On the visit of the Pope
April 1, 2000
 
      The papal pilgrimage to the Holy Land injected new life and a
sense of pride into the declining community to which I once belonged
and with which I feel  very connected.I am hoping that this visit will
put to rest the  question :"when did you convert?" an annoying yet
common question that I have encountered over the years. Many seem to
have forgotten the origin of Christianity.

        I grew up in Nazareth,was baptised at the Basilica of the
Annunciation  where the Pope celebrated the mass of the Annunciation.
My husband Nabil grew up barely ten miles from where the Youth Mass at
the Beatitudes by  the Sea of Galilee was celebrated.In fact it was
his uncle Archbishop Boutros Muallem , Bishop of Galilee,who hosted
that mass ,a mass that combined Eastern rite and Latin rite liturgies
in a splendid show of unity.The show of unity and solidarity extended
beyond the Catholic church: the  Pontiff was accompanied and warmly
embraced by the Eastern orthodox  bishops ,Anglican and Lutheran
bishops and clergy.In the face of  adversity christians in the Holy
land have united and co-operated much more than elsewhere in the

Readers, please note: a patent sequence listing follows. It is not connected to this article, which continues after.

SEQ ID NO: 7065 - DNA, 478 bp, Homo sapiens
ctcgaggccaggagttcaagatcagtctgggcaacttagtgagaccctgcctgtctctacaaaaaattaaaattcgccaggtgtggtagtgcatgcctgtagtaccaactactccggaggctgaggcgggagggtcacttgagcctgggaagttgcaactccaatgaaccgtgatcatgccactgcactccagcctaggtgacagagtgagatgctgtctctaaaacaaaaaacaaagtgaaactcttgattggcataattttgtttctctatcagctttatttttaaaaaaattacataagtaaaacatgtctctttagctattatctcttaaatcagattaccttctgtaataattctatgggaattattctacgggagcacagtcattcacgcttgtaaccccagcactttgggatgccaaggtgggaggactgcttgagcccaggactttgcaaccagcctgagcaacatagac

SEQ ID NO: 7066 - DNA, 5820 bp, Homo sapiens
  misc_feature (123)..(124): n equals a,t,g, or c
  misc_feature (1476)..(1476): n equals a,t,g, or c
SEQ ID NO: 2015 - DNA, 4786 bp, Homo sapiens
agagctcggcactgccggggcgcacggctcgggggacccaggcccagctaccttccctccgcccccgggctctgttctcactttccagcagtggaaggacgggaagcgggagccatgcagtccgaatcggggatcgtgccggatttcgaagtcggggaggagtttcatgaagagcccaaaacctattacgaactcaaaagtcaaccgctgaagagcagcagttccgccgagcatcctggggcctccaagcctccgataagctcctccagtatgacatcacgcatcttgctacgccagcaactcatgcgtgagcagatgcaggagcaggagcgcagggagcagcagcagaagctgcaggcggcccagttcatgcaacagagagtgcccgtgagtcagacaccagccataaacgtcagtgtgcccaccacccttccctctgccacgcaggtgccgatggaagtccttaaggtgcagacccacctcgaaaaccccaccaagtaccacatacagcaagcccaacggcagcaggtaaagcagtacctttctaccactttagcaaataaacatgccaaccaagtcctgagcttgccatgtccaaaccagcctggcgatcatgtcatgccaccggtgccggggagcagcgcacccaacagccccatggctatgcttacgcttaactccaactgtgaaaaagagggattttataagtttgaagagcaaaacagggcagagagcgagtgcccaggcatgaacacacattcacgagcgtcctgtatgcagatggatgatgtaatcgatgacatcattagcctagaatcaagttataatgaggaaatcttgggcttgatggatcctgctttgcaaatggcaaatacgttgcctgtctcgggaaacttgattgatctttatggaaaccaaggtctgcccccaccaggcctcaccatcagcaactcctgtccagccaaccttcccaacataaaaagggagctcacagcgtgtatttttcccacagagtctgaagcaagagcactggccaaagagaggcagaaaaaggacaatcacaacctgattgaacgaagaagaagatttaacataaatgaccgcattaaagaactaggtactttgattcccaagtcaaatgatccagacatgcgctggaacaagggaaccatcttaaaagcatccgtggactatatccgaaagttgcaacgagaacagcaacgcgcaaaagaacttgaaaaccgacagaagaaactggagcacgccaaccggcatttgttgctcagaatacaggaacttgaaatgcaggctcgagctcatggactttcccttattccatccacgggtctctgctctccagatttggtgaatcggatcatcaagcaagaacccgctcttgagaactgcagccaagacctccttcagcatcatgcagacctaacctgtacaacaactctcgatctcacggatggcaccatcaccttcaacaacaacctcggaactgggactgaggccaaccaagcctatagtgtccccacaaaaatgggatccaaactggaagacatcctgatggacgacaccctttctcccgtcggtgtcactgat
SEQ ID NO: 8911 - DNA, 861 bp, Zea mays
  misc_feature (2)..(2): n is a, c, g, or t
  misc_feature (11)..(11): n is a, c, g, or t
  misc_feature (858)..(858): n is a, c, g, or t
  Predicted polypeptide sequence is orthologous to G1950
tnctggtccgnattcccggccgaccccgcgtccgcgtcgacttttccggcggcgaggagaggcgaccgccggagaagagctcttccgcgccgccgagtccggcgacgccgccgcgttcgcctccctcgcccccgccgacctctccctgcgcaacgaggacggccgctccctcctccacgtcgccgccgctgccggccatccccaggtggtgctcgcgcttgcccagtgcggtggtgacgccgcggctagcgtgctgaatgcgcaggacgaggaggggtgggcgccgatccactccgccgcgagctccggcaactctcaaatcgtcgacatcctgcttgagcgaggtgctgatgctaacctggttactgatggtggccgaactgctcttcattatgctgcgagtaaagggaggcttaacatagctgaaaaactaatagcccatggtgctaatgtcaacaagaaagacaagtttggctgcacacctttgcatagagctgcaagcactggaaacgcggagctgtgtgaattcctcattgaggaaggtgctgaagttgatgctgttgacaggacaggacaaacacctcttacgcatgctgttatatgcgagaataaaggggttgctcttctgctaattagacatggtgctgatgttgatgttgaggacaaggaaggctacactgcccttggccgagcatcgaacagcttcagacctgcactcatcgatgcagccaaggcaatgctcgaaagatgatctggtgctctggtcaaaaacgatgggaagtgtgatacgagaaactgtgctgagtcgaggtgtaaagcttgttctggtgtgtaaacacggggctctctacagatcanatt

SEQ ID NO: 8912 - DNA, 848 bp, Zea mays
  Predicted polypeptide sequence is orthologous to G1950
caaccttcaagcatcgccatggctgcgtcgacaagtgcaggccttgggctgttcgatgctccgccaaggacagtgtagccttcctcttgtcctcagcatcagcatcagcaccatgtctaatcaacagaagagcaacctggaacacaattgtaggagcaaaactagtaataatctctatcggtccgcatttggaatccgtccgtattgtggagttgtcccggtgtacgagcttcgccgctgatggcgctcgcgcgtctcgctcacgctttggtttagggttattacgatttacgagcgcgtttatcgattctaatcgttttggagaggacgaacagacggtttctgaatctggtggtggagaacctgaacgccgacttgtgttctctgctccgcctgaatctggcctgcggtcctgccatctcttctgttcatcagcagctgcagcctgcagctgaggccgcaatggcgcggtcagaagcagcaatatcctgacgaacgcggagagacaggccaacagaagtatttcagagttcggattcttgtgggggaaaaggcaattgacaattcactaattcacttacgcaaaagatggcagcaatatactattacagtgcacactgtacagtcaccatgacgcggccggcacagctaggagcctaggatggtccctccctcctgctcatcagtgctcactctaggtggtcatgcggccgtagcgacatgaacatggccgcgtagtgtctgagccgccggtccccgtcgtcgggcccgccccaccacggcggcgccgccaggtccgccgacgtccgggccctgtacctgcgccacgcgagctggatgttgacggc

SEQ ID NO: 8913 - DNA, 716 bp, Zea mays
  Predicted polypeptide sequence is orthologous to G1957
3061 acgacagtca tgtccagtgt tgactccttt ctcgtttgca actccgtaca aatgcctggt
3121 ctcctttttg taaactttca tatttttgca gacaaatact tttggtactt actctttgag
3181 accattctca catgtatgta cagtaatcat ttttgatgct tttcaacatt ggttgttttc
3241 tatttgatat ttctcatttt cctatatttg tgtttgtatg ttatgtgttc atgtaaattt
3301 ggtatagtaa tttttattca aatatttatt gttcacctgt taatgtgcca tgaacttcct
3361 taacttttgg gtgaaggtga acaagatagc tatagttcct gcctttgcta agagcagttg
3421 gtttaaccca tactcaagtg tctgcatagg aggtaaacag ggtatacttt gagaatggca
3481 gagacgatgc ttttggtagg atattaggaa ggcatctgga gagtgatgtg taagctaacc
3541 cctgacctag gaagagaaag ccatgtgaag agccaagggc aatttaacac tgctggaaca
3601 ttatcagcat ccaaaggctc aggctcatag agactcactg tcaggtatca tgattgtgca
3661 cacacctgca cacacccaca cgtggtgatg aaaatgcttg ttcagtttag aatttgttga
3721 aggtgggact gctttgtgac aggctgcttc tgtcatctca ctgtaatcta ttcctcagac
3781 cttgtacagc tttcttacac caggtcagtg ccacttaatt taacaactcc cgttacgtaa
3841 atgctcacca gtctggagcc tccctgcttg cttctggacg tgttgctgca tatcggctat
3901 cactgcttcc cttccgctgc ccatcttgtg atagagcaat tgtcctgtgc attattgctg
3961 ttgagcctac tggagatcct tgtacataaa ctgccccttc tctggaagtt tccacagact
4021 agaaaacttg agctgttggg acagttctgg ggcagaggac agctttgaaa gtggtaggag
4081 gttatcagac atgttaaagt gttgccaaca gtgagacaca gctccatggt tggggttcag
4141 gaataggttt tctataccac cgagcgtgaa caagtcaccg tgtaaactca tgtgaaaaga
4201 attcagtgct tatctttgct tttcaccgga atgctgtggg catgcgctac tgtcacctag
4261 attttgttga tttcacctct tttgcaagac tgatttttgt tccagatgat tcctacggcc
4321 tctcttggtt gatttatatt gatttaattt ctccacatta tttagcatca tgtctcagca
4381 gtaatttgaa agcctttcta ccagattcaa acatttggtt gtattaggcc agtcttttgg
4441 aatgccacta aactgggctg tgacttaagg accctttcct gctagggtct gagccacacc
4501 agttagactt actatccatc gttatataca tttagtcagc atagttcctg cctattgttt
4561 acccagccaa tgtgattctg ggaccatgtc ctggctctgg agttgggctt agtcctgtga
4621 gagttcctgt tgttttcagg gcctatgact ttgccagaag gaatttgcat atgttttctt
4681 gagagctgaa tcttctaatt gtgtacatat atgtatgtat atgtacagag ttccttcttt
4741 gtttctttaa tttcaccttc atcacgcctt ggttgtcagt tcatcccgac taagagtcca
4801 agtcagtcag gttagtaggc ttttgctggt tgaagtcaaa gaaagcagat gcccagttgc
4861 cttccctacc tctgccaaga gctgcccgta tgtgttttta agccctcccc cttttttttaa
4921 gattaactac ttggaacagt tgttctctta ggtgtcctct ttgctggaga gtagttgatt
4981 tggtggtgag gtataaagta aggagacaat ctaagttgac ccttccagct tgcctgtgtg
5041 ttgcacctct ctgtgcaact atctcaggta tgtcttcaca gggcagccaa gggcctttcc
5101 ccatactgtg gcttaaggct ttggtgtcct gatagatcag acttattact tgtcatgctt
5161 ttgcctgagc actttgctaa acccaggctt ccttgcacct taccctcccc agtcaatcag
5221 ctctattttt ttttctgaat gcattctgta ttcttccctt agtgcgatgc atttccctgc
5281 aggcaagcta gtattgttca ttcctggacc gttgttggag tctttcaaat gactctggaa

world.

        The percentage of christians in the Holy Land has dropped from
13% of  the population to about 2% in the last fifty years.Political
and  socioeconomic factors have contributed to that decline. But
despite that  decline,the churches there have maintained an important
role mainly in  the areas of education and health care. Services that
are provided to all regardless of religious affiliation. Without the
support of the churches, both health care and education would be in
the dark ages  within the Palestinian community. For example the
Catholic church has two   hospitals in Nazareth and at least ten
schools. The presence of these institutions have had a moderating
effect in a very volatile part of the world.

         For  many years after 1948 the organization of the Church in
Palestine was in total chaos.Chaos that mirrored the reality of a
people displaced  and uprooted,families separated by hostile borders
etc..The church is now trying to rise from the ashes , the local
leadership is wonderful, however they need our moral support,the
support of the Catholic community at large . "Living stones "
pilgrimages,ones that involve interaction with the local parishes,
youth exchange programs, "pen pals" programs between children in
American Catholic schools and their counterparts in the Holy
Land.Parish to parish programs are being organized.There is so much
that we can do to ensure the survival of the mother church in
Jerusalem. Hopefuly the Papal visit will give  such efforts a momentum
in this country,the Europeans have been more responsive,it is our turn
now to educate ourselves as to the origins of our church and the need
to maintain its presence where it all started.

        The pope has also extended a hand of friendship and compassion
to the two other Abrahamic religions ,we can only hope that his
efforts will lead  to friendship and compassion for those whose basic
human rights have  been neglected for many years.

        Najla Bathish Muallem
        Wyomissing Hills